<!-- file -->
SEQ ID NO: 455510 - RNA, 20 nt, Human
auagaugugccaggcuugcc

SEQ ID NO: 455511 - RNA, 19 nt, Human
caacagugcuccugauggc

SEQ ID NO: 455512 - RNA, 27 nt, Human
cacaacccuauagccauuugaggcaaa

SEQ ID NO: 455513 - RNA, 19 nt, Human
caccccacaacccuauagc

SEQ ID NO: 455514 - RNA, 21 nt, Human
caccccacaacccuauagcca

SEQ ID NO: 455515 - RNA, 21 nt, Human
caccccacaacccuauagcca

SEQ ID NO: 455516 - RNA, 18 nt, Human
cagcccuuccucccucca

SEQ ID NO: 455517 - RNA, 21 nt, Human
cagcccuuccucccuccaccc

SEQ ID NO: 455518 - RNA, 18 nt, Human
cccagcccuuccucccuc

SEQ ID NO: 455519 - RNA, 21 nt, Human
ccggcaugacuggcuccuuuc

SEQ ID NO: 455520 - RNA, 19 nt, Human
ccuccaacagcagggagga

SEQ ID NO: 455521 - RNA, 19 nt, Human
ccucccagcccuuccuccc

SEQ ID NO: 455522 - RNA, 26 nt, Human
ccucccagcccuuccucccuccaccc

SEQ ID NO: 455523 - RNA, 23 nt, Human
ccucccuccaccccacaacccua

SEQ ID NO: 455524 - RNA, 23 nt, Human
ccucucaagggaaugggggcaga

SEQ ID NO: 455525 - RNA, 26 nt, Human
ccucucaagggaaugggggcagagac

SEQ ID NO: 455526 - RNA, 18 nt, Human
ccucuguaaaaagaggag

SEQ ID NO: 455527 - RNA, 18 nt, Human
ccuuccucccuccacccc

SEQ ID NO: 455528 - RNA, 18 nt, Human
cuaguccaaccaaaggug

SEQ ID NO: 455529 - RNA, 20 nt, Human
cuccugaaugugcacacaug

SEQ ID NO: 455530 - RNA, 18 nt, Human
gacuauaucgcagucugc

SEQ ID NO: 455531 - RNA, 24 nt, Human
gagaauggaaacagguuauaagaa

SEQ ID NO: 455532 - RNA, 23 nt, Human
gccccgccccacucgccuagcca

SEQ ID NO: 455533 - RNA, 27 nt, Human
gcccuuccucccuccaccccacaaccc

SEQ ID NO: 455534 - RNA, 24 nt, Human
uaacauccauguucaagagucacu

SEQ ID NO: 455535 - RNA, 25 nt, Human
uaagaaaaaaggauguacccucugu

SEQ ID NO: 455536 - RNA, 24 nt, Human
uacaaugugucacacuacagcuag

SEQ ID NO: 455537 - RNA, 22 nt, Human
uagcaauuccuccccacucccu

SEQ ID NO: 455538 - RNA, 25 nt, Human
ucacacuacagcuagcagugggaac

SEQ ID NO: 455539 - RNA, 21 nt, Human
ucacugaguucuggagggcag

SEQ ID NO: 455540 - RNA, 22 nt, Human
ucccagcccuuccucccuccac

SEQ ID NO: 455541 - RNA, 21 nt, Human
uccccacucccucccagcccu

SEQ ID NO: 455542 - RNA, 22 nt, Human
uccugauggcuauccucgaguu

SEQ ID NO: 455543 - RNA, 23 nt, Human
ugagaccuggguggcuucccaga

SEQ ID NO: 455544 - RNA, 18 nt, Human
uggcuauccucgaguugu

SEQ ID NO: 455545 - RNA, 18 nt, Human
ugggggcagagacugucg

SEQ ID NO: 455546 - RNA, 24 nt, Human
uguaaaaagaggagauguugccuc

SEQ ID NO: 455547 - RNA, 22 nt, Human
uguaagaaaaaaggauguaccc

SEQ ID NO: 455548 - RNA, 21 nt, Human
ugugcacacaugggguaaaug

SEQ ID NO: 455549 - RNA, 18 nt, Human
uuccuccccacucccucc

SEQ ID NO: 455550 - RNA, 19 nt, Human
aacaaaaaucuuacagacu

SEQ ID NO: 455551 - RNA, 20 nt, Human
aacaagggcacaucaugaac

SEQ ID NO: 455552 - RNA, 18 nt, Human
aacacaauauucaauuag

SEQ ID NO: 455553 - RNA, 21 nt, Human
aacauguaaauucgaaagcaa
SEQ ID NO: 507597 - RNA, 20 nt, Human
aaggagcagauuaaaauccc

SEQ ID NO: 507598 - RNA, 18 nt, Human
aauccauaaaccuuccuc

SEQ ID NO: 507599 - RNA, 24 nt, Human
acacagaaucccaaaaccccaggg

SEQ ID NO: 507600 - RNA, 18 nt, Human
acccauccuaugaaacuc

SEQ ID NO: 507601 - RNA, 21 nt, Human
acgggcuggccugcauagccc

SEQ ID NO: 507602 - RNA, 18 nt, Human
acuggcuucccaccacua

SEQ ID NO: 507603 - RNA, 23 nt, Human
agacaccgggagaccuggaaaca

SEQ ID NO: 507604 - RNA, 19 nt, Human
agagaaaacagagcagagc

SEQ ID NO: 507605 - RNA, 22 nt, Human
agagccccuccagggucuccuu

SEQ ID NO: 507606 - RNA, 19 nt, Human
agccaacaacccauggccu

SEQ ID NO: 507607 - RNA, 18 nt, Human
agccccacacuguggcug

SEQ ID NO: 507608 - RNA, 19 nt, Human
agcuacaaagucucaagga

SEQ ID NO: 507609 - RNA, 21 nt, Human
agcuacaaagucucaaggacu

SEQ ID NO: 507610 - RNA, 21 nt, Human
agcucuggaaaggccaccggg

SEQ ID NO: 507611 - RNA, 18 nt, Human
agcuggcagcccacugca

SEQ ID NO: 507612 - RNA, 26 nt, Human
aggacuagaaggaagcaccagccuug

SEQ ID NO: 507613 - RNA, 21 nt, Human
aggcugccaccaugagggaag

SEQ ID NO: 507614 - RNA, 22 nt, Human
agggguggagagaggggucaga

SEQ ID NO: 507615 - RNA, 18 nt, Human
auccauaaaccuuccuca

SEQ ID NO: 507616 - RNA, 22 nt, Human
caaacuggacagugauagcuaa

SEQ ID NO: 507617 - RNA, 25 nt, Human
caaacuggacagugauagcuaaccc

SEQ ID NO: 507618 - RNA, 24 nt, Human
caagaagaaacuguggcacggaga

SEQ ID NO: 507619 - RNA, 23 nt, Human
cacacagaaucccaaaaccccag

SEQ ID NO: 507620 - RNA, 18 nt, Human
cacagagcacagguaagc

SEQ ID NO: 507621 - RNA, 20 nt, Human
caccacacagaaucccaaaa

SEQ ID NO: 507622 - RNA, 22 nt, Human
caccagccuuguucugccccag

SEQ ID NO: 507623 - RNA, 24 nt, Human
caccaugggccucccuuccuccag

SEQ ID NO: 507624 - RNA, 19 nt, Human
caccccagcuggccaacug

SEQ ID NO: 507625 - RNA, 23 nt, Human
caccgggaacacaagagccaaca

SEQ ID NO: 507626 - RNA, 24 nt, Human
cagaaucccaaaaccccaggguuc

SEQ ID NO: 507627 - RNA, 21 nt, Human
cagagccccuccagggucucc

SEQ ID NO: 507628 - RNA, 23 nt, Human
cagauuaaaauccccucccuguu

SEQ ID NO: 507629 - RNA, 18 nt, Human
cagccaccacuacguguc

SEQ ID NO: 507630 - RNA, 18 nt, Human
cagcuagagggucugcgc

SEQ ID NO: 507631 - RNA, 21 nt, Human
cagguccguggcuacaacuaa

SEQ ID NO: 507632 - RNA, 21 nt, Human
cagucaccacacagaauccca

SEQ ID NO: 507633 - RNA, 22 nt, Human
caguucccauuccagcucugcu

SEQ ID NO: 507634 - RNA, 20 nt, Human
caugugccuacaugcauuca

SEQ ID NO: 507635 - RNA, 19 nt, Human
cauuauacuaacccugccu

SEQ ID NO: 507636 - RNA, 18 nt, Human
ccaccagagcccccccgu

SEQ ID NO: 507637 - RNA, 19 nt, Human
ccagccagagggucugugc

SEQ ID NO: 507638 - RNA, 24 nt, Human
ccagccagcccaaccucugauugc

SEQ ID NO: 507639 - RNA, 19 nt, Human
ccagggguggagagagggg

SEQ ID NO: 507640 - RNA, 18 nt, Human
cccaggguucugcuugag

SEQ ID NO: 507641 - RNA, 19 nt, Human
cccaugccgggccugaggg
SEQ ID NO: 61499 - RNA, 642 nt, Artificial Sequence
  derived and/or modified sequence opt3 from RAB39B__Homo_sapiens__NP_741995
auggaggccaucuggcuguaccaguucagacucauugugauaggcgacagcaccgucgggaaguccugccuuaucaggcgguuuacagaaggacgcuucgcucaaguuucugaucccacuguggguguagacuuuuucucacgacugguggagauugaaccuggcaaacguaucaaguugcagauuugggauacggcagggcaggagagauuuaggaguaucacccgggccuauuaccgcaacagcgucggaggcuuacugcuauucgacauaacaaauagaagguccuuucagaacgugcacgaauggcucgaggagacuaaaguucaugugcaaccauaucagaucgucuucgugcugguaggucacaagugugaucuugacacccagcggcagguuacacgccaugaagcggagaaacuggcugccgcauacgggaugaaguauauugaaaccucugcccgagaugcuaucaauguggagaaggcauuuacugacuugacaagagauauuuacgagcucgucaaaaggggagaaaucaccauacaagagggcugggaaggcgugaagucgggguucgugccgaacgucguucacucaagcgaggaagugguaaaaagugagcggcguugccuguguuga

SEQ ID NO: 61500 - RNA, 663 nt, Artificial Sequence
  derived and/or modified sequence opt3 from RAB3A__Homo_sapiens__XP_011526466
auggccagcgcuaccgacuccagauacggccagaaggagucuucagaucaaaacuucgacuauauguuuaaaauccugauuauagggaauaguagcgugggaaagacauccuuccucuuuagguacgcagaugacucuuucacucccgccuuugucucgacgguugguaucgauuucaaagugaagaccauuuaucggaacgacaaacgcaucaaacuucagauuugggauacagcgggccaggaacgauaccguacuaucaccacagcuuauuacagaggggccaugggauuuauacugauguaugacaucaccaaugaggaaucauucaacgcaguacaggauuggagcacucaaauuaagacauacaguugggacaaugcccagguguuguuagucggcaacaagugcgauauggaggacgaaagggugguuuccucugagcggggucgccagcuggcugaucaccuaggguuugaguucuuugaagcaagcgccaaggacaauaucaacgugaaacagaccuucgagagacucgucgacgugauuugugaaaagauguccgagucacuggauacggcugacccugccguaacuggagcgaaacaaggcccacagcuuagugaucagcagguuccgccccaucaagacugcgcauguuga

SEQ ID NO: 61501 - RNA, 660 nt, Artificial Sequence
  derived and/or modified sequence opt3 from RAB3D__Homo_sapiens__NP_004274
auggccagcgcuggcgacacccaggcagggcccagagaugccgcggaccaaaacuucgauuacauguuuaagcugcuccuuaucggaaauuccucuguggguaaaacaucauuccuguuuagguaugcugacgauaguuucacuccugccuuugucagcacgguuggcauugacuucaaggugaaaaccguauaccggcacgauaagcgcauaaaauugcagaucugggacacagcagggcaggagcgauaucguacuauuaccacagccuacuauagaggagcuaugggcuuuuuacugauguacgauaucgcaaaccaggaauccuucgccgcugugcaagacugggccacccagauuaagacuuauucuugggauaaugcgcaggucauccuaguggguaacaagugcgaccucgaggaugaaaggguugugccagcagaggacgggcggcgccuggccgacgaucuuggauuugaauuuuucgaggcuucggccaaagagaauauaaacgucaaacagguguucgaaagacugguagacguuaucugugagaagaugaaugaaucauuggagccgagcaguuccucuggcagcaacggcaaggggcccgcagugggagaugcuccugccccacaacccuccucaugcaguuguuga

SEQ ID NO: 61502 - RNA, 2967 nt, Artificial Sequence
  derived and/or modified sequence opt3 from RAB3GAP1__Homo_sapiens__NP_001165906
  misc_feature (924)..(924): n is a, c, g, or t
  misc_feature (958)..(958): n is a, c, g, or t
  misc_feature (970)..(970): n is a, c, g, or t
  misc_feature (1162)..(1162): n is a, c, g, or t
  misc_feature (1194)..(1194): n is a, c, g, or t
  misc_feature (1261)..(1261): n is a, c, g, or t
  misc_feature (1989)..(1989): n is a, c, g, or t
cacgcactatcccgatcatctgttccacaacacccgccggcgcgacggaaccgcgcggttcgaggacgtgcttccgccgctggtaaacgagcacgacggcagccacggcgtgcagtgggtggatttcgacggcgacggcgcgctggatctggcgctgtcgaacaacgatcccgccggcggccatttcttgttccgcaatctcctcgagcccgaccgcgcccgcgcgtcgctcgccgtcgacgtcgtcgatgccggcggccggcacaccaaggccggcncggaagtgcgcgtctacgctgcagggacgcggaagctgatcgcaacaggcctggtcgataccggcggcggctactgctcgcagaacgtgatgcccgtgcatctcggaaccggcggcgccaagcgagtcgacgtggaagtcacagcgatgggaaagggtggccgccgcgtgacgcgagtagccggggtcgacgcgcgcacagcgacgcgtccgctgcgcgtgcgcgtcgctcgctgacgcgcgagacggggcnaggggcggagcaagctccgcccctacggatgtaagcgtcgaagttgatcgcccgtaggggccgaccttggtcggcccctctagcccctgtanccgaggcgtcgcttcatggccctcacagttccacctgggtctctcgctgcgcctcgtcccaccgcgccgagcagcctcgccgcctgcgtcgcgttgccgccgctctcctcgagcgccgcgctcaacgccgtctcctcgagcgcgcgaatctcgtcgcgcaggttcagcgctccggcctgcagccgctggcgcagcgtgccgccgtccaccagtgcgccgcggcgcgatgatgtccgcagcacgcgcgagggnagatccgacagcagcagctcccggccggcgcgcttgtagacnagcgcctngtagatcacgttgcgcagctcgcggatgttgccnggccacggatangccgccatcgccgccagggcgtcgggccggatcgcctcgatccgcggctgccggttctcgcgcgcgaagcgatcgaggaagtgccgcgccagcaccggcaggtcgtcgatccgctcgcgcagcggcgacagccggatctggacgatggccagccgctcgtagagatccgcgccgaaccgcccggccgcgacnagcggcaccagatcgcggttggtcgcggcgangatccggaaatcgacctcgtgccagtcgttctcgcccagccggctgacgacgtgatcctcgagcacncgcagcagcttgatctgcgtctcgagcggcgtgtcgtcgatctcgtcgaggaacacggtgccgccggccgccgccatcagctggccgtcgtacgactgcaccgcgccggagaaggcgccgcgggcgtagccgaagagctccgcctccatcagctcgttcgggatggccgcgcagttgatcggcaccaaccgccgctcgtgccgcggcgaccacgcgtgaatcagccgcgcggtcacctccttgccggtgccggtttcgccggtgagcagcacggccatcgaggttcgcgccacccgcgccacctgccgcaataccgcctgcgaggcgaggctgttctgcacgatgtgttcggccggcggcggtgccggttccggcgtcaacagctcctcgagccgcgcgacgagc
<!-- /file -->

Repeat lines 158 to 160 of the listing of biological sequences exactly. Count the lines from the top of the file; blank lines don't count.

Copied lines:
cagguccguggcuacaacuaa

SEQ ID NO: 507632 - RNA, 21 nt, Human
cagucaccacacagaauccca